How do I setup Preset Criteria?

Preset criteria allow compliance officers to apply (orenforce, if required) standards across their organisation. For example:

  • Contract features which must be recommended to a client (e.g. PPI on personal pensions).
  • Other conditions which contracts must meet (e.g. a minimum financial strength rating).
  • Ranking criteria which advisers must use when creating league tables (again, financial strength is a common choice).
  • Contracts which are not allowed to be recommended (for reasons other than the above), and which the compliance officer wants to manually exclude from all research.

In other words, compliance officers set up default filtering, manual exclusions of contracts, and/or ranking criteria, and these are then used as defaults for all new research which advisers conduct.

Compliance officers define presets in the same way that normal research is conducted, using all the normal filtering and manual exclusions of contracts, and the policy can then be distributed instantly across the firm and takes effect for all new research which is conducted.

WARNING! Preset Criteria should NOT be regarded as a once-only exercise. We strongly recommend that Presets are reviewed regularly, as the criteria that you set may become more or less relevant over time. To assist with this, there is an automatic alert that prompts you to review your presets if any of the features, sectors, conditions or stats that you selected have been removed as part of a Synaptic data update. This facility does NOT alert you if new features, sectors, conditions or stats become available.

Locking preset criteria

If compliance officers don’t lock their preset criteria then the following happens:

  • All the preset filtering etc. is automatically pre-populated into new research which advisers carry out.
  • Advisers are allowed to change the presets – e.g. to remove filtering which the compliance officer has set.
  • However, all suitability reports and Quick Reports will then include a section identifying the changes which the adviser has made – the areas in which the adviser has gone “off-panel”.

If the compliance officer does lock the presets then advisers cannot change any preset filtering, ranking, or manual exclusion of contracts in their research. They can add additional filtering, but they can’t undo the policy which the compliance officer has put in place.

Marking advisers as “trusted”

There is an exception to the locking described above.Individual advisers can be given the permission “Allow this user to changepreset criteria, even when they’re locked” (via the User List). If this is switched on then the effect is as follows:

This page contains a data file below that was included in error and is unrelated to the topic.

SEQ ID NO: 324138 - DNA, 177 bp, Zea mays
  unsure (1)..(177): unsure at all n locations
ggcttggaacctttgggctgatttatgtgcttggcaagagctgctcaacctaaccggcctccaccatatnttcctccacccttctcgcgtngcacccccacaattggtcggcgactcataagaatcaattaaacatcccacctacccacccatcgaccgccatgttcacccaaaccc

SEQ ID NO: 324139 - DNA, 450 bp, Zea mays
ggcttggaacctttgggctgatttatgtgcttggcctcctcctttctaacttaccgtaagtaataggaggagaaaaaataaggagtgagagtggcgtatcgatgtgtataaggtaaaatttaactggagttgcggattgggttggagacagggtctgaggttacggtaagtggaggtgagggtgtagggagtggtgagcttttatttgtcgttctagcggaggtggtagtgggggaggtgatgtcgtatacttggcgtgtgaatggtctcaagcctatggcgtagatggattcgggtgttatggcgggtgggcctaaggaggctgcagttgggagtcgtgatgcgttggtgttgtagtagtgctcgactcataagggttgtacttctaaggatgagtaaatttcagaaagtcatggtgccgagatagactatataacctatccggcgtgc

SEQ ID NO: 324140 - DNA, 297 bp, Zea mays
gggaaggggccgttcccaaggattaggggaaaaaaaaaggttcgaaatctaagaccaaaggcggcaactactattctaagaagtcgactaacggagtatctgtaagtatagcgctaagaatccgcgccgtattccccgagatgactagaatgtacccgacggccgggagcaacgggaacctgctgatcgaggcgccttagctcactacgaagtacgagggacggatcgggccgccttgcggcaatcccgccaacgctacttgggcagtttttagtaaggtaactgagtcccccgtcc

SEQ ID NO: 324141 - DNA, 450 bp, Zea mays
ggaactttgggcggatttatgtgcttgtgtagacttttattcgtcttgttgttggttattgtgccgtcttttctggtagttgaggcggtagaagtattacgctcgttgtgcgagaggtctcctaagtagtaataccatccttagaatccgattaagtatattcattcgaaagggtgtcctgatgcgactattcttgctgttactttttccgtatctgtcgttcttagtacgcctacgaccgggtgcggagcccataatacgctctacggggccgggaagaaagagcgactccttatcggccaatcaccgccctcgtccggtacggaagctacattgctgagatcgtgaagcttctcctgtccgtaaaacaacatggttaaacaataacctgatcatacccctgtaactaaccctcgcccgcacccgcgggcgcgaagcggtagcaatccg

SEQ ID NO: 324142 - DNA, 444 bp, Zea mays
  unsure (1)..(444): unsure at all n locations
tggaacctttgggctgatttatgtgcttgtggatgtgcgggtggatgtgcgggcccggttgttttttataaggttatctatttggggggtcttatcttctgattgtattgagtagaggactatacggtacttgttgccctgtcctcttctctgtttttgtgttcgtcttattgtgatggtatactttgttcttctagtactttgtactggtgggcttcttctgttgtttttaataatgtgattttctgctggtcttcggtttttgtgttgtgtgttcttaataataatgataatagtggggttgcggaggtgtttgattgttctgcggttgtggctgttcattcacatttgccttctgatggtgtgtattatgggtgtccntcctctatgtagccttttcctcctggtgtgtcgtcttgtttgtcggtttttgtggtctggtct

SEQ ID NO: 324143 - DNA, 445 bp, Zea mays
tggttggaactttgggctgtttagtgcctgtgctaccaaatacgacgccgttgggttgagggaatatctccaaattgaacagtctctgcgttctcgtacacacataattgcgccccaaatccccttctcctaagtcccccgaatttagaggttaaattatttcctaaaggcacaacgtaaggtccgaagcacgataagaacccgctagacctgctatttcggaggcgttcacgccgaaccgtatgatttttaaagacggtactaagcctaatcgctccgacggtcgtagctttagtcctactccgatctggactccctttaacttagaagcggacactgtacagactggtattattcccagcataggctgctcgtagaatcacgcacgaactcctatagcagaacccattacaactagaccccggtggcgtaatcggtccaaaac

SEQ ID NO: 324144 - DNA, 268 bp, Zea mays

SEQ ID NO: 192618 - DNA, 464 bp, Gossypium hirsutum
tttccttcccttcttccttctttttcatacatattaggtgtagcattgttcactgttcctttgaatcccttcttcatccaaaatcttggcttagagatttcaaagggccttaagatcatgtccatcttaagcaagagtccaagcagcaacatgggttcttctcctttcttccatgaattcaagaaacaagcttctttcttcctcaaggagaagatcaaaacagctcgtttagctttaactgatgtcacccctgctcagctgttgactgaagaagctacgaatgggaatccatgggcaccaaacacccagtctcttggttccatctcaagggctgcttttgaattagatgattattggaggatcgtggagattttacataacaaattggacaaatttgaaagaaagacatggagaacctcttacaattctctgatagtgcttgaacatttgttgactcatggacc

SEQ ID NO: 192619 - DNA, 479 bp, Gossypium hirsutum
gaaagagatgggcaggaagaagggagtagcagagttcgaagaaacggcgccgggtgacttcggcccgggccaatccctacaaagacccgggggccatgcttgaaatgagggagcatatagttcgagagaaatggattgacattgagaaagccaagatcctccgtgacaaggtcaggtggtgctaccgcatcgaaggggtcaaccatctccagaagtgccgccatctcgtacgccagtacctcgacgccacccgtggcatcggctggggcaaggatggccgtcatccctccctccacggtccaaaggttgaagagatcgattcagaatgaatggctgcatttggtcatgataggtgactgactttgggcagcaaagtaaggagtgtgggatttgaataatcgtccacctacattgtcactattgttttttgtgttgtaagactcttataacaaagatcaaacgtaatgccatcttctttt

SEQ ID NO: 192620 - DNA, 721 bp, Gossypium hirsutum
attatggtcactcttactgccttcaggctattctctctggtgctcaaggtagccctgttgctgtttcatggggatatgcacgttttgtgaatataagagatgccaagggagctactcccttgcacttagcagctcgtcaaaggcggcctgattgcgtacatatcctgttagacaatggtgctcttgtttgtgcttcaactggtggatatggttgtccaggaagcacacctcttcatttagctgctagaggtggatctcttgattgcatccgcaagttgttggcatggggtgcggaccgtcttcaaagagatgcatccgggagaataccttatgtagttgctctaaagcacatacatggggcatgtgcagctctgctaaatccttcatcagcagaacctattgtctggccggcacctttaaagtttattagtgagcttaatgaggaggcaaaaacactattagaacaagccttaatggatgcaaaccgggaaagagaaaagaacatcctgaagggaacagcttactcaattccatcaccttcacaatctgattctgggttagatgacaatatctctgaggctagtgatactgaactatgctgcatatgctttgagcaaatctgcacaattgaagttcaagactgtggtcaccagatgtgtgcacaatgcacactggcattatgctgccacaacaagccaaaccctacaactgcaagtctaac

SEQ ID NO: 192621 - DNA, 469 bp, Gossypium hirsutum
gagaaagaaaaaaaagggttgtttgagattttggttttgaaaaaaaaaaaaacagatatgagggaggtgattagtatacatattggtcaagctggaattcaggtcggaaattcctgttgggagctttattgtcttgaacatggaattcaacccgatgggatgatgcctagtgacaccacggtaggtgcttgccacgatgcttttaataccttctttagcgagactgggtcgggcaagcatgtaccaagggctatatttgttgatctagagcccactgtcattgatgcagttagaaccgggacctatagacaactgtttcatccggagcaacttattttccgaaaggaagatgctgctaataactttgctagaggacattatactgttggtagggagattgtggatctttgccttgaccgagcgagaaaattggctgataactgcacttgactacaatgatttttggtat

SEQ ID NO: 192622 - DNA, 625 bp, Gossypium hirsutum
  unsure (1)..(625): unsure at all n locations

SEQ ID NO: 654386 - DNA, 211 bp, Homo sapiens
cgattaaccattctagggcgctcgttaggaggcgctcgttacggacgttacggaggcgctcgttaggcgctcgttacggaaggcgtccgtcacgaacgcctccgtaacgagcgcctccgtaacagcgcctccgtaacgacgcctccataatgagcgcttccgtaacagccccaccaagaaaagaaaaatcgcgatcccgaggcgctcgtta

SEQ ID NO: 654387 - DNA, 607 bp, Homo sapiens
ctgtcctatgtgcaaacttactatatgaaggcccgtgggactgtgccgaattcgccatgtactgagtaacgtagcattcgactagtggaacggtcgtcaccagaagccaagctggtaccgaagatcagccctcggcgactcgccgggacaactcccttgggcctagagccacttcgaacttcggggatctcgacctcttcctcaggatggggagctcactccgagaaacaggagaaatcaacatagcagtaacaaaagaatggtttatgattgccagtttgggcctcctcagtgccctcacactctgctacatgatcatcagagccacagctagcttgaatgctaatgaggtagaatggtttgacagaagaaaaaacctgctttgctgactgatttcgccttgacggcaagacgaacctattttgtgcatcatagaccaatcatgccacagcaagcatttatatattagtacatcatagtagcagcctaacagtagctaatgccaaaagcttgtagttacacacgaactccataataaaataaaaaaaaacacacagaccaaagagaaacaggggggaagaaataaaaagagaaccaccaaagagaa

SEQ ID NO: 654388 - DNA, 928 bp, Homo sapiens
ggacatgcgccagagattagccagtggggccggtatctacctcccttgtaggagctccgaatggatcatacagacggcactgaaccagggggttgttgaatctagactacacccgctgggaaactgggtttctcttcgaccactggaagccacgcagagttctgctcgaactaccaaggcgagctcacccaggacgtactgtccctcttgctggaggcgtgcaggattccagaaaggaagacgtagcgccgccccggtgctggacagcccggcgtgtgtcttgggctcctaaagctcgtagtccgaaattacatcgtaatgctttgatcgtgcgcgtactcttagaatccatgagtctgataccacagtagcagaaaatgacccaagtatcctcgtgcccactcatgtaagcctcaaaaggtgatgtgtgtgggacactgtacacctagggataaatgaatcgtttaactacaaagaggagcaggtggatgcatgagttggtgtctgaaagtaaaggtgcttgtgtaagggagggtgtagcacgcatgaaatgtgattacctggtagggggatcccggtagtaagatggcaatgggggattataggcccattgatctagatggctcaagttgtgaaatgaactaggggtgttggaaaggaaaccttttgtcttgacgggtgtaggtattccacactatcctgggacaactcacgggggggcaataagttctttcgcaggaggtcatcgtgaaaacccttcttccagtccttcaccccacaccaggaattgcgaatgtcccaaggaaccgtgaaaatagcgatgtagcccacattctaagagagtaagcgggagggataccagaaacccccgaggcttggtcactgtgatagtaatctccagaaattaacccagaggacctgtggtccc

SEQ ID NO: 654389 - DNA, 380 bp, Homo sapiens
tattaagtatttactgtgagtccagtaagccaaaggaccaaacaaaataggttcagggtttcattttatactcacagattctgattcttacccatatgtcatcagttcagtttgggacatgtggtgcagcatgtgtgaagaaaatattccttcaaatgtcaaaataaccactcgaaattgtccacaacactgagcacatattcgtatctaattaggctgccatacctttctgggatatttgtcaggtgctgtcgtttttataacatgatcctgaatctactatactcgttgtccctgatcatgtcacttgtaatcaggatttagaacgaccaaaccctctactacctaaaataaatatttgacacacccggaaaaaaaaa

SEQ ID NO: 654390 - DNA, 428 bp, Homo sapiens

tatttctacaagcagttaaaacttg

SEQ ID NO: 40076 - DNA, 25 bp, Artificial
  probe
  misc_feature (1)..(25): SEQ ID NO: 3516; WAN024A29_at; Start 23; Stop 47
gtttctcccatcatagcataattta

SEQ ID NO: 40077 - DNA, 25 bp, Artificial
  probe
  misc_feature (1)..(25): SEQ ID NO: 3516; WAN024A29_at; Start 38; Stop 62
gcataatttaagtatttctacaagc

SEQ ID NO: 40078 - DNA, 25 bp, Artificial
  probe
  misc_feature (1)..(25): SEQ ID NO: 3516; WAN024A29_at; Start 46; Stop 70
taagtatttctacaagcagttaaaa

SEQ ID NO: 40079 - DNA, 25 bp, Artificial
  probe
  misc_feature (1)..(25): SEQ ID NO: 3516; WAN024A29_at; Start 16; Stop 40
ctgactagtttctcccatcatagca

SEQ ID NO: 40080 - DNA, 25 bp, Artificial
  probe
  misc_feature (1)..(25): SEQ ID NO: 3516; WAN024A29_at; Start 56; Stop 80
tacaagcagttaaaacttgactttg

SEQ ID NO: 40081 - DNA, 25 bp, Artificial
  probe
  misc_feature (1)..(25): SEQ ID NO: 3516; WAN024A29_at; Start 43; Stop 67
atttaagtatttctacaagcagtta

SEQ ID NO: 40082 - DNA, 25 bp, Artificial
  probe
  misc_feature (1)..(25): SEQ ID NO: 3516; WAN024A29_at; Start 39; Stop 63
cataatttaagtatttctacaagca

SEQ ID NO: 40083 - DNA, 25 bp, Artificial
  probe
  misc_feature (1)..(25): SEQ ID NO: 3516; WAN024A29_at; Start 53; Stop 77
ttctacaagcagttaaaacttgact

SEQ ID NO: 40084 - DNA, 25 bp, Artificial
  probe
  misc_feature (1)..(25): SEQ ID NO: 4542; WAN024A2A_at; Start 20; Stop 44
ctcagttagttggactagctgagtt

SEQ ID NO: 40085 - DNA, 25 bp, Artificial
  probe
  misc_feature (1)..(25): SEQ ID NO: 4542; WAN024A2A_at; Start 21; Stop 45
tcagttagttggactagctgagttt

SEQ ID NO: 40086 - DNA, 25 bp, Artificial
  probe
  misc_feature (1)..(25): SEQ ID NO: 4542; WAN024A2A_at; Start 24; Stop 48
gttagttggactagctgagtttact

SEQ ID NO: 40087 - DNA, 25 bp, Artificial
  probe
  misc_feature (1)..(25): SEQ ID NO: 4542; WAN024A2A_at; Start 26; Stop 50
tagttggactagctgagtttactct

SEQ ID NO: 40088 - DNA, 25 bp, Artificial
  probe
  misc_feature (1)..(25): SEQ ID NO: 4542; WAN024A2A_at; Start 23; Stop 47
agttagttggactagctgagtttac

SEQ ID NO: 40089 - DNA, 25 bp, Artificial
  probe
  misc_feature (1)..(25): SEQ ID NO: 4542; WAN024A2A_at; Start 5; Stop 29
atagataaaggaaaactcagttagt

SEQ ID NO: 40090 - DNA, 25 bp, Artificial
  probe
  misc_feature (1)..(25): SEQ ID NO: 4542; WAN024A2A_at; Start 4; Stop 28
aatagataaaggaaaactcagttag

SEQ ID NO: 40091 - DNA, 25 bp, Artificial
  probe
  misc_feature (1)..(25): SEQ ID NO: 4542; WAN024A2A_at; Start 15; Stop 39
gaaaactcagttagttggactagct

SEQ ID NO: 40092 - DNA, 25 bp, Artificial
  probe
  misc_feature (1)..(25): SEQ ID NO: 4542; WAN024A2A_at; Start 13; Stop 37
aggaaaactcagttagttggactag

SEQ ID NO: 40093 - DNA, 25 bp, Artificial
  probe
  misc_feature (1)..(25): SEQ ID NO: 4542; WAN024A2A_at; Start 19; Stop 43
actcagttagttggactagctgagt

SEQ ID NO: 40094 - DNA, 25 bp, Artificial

• The adviser is allowed to turn off any filtering etc. which has been preset by the compliance officer.
  • However, all suitability reports and Quick Reports will still include the section indicating the changes which the adviser has made, so there is still an audit trail for the compliance officer.

Panels and multi-ties

As is no doubt obvious, presets are a good way for compliance officers to implement panels within the system. Presets allow a panel to be specified in either or both of two ways:

  • The compliance officer enters the criteria for their panel in the form of filtering. Contracts which don’t meet the requirements or the panel are automatically filtered out.
  • And/or, the compliance officer manually excludes contracts which are not on the panel.

Similarly, multi-ties can be implemented on the system simply by creating presets which exclude all contracts from the providers which are not required. In other words, the data within the system remains whole-of-market, but the presets hide anything outside the panel.

N.B. Synaptic’s administrators can also implement multi-ties for a customer simply by removing everything except the required providers. Contracts from other providers are then entirely removed from the system (as opposed to merely being hidden).

Multiple presets for each product type

Firms can create multiple presets for each product type. For example, there can be one set of presets which implements a low-risk model  portfolio by filtering on the cautious-managed, property and cash sectors, and another set which implements a high-risk portfolio by filtering on the Far East, commodities etc.

When the adviser starts research into the product type theycan choose either of the model portfolios – but they have to choose one of them.

Personal preset criteria

Finally, it’s also possible for individual users to create personal presets, rather than a policy which applies to an entire firm. This works in much the same way, but is intended simply to allow individuals to setup the default filtering etc. which they use for particular product types. In other words, it is designed for time-saving rather than compliance.

Preset criteria for the whole firm always take precedence over any personal presets which a user has created for a type of product.